The fact that a South Korean destroyer joined Sunday’s fleet review off Tokyo for the first time since 2002 is also significant. The US has been pressing Japan and South Korea to establish closer diplomatic and military relations and to set aside tensions generated by Abe’s denial of past Japanese war crimes, including in Korea.
In Washington last week, South Korean President Park Geun-hye indicated that the door was open to the first full meeting with Abe next month. Frictions remain, however. South Korea’s foreign ministry issued a statement on Sunday criticising Japanese cabinet ministers for visiting the notorious Yasukuni Shrine—a potent symbol of Japanese militarism that commemorates millions of war dead including convicted Class A war criminals.
The joint naval exercises took place amid growing indications that the US and its allies intend to stage a provocative “freedom of navigation” operation within the 12-mile territorial limit surrounding Chinese-controlled islets in the South China Sea. For months, American officials have been condemning China’s land reclamation activities and declaring that Washington does not recognise Chinese territorial rights.
Speaking at the Shangri-La strategic dialogue in Singapore in May, US Defence Secretary Ashton Carter denounced China’s “unprecedented” land reclamation for regional tensions. He warned: “There should be no mistake. The United States will fly, sail and operate wherever international law allows, as US forces do around the world.”
The US already routinely patrols the air and sea close to Chinese administered atolls, but is now threatening to enter the 12-mile territorial limit, risking a military confrontation with Chinese forces. The Financial Times reported earlier this month that the White House, which is under pressure from the US military and hawkish sections of the political establishment to act, had decided to give the green light for the so-called “freedom of navigation” patrols.
In June, Murdoch’s Australian newspaper revealed that the Australian government was “actively considering” a military challenge to China’s territorial claims in the South China Sea, unquestionably with US backing. The article even provided details of how such an operation could be mounted either using a military reconnaissance aircraft or a war ship.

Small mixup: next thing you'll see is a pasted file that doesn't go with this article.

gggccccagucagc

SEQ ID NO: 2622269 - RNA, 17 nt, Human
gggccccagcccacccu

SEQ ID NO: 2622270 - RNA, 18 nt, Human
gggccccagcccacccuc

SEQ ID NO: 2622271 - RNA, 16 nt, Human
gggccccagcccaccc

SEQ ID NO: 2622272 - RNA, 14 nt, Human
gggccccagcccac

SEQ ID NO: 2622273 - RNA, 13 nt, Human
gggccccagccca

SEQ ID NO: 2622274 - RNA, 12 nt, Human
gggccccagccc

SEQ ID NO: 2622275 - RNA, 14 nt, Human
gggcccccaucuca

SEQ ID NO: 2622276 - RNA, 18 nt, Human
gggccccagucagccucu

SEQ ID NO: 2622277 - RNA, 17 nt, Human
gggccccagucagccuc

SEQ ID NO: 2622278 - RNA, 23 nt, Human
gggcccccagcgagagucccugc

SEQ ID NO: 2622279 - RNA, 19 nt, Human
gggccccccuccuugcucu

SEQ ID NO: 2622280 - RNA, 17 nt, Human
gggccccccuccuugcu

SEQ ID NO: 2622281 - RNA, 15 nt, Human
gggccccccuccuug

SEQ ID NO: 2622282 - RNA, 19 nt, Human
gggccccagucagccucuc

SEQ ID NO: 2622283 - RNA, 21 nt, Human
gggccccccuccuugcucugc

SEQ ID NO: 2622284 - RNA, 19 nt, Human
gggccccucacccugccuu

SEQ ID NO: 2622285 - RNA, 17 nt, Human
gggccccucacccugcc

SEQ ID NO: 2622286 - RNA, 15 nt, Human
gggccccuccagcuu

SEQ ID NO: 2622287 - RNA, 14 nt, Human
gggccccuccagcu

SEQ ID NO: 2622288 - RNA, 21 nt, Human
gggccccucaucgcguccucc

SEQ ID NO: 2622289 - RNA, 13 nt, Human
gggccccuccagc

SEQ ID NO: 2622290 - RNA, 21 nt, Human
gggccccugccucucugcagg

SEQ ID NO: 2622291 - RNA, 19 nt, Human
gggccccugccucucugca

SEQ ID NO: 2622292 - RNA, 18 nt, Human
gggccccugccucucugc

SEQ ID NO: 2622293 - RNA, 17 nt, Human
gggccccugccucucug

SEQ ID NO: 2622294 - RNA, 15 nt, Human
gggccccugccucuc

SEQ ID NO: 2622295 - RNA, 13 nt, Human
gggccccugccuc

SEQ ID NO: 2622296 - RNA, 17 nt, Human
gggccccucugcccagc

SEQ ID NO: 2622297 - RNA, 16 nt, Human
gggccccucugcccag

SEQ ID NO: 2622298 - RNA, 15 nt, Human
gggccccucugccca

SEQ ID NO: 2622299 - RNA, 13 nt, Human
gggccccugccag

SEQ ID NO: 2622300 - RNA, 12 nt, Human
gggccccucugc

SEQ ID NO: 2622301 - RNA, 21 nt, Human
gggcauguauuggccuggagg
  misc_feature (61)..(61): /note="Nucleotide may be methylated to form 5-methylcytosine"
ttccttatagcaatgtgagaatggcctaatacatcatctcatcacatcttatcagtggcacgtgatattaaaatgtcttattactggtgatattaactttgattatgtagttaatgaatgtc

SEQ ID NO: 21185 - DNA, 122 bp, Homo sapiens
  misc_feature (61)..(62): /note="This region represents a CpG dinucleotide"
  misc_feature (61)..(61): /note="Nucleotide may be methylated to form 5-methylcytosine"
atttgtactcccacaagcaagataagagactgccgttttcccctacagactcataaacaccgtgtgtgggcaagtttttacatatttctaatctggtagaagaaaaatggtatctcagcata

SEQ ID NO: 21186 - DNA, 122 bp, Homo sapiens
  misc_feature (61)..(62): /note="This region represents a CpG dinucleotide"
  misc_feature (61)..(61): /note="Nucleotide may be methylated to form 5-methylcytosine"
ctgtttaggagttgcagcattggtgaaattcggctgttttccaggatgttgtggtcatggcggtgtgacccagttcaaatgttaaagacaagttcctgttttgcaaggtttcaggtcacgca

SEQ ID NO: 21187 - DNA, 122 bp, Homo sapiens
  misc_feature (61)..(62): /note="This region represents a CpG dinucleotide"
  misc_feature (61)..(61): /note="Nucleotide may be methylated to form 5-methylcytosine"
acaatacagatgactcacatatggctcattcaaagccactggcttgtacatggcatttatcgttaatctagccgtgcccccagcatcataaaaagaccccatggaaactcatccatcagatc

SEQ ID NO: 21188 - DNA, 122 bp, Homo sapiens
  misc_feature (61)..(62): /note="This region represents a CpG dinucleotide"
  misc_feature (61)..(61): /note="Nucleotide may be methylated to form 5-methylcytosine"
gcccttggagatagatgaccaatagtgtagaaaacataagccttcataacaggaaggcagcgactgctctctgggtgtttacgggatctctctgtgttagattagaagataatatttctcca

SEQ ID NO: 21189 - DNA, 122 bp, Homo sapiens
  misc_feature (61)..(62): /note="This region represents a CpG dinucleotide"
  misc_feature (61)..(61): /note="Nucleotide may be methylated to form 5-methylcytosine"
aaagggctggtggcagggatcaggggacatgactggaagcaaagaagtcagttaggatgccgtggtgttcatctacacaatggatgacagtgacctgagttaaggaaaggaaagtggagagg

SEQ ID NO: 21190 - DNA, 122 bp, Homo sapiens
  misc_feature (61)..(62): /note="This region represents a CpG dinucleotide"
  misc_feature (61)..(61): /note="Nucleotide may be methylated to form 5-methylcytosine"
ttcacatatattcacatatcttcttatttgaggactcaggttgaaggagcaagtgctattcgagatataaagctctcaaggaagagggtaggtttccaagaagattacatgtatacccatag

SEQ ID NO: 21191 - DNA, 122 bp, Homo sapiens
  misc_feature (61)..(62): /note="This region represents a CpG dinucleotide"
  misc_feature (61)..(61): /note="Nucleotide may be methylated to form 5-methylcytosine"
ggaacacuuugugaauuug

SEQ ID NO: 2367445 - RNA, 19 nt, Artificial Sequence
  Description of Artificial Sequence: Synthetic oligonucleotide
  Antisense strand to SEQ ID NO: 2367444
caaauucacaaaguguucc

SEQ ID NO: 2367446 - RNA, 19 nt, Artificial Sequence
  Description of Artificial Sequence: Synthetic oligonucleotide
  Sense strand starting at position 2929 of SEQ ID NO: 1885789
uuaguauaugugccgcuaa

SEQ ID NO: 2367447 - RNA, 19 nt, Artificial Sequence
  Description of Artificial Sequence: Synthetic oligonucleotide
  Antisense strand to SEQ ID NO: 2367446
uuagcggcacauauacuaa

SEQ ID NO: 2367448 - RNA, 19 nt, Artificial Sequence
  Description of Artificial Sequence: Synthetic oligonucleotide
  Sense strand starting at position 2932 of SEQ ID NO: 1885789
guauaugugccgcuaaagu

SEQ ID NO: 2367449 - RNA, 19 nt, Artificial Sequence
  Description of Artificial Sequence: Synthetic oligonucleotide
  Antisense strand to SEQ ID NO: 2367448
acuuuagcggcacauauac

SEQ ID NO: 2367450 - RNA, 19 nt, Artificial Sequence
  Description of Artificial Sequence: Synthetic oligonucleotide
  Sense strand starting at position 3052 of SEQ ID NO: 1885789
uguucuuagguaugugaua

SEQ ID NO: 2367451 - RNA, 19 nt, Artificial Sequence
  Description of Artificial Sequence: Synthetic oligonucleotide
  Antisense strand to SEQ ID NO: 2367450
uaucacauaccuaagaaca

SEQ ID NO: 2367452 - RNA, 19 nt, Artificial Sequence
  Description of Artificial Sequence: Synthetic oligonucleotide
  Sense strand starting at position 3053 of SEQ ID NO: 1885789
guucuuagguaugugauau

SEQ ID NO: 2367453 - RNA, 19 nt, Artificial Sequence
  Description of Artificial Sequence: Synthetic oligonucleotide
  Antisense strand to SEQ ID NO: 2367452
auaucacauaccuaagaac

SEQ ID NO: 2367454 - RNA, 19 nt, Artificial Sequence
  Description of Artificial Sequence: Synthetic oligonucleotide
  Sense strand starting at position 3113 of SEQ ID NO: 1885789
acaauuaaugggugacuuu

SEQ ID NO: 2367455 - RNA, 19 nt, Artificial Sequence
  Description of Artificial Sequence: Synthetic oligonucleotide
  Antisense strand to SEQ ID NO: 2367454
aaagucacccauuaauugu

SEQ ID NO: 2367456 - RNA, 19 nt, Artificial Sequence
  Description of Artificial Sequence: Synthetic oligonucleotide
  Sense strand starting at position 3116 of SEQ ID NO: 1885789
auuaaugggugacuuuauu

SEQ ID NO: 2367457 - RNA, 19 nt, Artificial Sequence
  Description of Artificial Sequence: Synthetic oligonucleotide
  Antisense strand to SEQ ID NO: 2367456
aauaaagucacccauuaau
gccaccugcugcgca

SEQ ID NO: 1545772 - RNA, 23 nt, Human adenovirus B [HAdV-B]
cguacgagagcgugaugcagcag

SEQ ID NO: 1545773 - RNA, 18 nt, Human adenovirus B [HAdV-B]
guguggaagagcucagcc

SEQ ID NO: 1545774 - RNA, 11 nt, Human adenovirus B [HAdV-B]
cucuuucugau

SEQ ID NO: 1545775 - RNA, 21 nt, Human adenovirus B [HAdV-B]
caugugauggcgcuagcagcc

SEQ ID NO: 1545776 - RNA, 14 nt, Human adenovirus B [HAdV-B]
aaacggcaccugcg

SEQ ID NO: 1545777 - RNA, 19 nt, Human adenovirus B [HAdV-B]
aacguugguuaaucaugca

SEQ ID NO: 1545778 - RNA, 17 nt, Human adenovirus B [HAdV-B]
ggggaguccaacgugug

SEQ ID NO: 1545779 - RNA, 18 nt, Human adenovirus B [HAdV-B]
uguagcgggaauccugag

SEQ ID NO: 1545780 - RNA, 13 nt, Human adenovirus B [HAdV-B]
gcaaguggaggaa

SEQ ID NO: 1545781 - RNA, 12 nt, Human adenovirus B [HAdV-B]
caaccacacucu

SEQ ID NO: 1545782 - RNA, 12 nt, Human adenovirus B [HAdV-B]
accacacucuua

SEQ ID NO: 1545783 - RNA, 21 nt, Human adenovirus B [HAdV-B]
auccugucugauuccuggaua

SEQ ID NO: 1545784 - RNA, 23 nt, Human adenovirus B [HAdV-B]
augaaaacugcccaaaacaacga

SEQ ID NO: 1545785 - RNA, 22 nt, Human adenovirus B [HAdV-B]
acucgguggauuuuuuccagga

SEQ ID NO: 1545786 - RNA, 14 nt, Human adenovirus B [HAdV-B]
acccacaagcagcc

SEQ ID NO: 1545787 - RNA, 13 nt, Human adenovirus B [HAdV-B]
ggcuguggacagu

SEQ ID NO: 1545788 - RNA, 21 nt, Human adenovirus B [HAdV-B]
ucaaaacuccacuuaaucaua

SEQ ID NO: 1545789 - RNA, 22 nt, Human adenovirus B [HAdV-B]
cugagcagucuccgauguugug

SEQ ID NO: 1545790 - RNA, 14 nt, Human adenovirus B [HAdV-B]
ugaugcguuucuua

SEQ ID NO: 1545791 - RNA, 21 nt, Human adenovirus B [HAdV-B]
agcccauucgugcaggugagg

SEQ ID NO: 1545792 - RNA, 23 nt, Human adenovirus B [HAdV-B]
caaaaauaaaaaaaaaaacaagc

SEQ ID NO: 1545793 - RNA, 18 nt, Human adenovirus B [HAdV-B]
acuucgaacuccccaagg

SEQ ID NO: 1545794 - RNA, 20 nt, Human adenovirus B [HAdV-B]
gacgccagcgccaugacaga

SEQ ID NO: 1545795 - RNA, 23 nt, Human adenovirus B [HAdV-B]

In comments to the Australian Broadcasting Corporation (ABC) today, former Labor foreign minister Gareth Evans urged the Australian government to proceed. “I think it’s important that there be push-back against some of the more indefensible aspects of Chinese policy, which are first of all to make large, ill-defined historical claims to effectively the whole area of the South China Sea.” The ABC confirmed that the Australian navy already currently has three warships in the South China Sea region.
Defence Minister Gen Nakatani, who accompanied Prime Minister Abe to Sunday’s fleet review, underlined Japan’s support for the US-led campaign against China, saying that Japan would “continue to watch China’s activities in the South China Sea with interest.”
There is nothing innocent or peaceful about the naval displays over the past week in seas near Japan and also in the Bay of Bengal. These are part of the preparations for the conflict between nuclear-armed powers that could be triggered by the US provocations being planned against China in the South China Sea.